ABSTRACT: The major sources for intraoperative carbon monoxide (CO) in the breathing circuit are related to patient's hemoglobin catabolism, smoking and the degradation between absorbent and anesthetics. We performed this study to evaluate their combined effects on CO production during low-flow anesthesia. We used a direct-measurement instrument to measure real-time CO concentrations in the breathing circuit during different anesthetic conditions for patients who received desflurane or isoflurane. By applying multiple linear regression models, we determined the significant factors related to CO concentrations in the circuit. We identified patients' smoking status, preoperative smoking and body weight as well as gas flow rates as important factors for affecting peak and time-weighted CO levels. These four factors predicted approximately 44.1% and 42.7% of peak and mean inspiratory CO concentrations respectively. We found that chronic and preoperative smokers and patients with larger body weights are associated with increased CO concentrations, whereas increase in gas flow rates could decrease CO concentrations. After controlling these four important factors, we found that inspiratory CO concentrations were not significantly associated with the choice of anesthetic and its concentration during low-flow anesthesia.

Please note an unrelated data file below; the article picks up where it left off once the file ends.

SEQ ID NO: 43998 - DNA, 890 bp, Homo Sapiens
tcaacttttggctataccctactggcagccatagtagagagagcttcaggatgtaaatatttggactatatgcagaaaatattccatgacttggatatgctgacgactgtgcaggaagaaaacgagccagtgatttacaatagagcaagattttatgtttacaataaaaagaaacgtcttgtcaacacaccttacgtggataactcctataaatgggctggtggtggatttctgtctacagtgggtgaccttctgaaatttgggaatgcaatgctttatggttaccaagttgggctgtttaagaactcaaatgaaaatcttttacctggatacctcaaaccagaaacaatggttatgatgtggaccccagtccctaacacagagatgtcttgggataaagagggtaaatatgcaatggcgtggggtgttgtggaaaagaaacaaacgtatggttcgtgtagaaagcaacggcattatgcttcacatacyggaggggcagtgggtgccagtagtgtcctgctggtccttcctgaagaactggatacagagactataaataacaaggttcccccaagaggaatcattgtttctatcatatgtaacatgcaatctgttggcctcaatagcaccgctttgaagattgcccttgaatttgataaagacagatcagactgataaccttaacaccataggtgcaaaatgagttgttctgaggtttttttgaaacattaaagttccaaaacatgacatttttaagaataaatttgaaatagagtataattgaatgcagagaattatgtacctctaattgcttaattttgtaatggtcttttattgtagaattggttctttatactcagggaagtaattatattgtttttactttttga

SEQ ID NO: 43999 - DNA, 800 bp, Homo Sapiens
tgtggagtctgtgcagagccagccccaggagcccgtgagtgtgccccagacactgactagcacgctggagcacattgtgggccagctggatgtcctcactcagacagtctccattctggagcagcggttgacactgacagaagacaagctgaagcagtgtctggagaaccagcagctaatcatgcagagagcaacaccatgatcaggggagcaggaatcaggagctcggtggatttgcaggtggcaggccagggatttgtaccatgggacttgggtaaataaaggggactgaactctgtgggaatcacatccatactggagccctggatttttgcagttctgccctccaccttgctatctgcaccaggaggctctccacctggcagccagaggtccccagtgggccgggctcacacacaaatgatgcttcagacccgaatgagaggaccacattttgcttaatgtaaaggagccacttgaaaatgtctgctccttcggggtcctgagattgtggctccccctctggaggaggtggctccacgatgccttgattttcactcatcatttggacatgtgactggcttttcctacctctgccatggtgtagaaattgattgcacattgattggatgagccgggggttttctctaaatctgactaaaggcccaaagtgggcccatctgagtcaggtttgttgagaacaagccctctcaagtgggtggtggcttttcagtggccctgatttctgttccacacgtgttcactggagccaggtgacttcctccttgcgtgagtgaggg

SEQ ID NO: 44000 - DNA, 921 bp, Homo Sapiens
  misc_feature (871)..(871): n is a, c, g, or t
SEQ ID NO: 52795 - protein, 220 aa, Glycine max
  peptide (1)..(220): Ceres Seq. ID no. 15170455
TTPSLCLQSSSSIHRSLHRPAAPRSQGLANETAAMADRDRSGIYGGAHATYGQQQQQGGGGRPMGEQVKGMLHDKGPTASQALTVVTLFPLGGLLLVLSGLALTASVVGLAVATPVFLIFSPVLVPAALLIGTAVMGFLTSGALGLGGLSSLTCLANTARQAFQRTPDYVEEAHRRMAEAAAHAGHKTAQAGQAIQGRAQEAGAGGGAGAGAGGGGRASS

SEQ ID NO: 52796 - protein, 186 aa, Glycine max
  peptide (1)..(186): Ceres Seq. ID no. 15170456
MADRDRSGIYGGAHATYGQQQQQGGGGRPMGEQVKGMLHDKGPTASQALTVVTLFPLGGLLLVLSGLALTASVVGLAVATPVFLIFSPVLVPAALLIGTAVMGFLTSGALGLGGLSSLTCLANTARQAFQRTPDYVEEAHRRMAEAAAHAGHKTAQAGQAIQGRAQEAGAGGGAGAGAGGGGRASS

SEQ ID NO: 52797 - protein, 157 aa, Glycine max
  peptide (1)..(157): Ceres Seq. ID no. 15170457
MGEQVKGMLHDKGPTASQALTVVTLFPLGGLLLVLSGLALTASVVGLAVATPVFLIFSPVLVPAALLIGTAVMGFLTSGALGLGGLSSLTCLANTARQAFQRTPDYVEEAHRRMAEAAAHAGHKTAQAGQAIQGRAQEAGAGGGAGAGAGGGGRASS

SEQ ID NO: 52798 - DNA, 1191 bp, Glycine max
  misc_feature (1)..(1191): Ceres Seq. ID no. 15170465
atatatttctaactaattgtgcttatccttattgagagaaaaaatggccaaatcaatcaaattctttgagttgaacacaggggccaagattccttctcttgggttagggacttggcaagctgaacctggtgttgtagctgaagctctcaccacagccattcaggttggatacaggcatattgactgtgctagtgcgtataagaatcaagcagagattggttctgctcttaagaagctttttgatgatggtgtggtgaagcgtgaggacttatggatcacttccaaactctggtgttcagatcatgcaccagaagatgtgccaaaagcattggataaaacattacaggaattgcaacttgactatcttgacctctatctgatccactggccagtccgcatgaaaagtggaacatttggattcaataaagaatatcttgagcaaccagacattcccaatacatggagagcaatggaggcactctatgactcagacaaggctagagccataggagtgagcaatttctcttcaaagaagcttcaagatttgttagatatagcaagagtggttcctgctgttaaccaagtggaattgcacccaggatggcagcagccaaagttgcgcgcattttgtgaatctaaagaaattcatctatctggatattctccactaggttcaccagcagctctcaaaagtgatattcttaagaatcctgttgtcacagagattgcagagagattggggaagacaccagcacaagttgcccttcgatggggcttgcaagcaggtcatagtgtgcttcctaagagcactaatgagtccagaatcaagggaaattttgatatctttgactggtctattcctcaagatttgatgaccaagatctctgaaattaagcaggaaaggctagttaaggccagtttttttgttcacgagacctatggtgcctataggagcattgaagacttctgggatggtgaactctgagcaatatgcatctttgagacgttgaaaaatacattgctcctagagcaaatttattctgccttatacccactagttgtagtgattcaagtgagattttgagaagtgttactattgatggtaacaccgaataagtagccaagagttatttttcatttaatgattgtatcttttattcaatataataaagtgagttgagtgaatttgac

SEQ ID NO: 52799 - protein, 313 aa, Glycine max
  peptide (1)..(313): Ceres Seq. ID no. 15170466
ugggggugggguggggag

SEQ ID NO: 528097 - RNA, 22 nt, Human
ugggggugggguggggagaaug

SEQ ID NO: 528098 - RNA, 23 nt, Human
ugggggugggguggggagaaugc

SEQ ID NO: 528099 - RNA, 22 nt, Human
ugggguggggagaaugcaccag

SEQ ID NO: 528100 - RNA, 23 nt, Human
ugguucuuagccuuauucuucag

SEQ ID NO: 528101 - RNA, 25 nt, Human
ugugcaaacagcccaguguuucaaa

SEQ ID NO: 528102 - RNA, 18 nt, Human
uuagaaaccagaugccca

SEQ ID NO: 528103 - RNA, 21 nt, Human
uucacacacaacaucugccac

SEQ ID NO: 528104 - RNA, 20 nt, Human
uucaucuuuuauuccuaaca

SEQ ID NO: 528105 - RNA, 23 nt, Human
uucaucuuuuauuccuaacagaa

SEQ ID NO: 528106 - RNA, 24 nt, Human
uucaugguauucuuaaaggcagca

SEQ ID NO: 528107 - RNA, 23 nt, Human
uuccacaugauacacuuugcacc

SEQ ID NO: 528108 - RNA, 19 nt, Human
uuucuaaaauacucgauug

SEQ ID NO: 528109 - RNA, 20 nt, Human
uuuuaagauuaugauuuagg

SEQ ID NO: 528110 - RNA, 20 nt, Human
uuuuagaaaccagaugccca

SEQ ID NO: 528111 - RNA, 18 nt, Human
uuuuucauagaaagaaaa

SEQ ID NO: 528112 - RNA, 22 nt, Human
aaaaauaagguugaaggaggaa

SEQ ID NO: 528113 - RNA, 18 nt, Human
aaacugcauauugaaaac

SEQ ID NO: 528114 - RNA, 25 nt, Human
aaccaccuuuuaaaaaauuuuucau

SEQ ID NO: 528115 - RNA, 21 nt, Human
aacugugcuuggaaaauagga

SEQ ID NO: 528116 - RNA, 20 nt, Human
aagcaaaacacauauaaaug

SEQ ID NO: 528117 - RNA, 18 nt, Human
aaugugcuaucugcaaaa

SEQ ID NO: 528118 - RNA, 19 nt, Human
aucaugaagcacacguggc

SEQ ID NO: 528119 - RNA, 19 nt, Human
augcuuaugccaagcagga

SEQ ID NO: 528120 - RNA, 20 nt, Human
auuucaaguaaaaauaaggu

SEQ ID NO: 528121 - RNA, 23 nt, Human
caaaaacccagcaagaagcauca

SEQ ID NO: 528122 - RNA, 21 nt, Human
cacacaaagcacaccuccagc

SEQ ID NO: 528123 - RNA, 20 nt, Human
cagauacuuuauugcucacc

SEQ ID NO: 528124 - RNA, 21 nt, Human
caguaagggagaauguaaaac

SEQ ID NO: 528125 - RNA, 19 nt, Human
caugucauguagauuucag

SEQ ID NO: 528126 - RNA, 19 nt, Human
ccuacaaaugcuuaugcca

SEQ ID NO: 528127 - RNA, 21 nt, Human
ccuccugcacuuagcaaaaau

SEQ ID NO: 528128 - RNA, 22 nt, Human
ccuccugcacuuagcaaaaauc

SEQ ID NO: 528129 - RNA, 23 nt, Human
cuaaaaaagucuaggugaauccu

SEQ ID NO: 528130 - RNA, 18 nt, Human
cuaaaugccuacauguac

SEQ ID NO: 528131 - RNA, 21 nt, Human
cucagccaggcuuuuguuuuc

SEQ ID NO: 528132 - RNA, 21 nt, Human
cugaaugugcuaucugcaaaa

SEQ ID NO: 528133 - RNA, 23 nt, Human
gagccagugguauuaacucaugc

Anesthesia & Analgesia 03/2001; 92(2):542-7. · 3.29 Impact Factor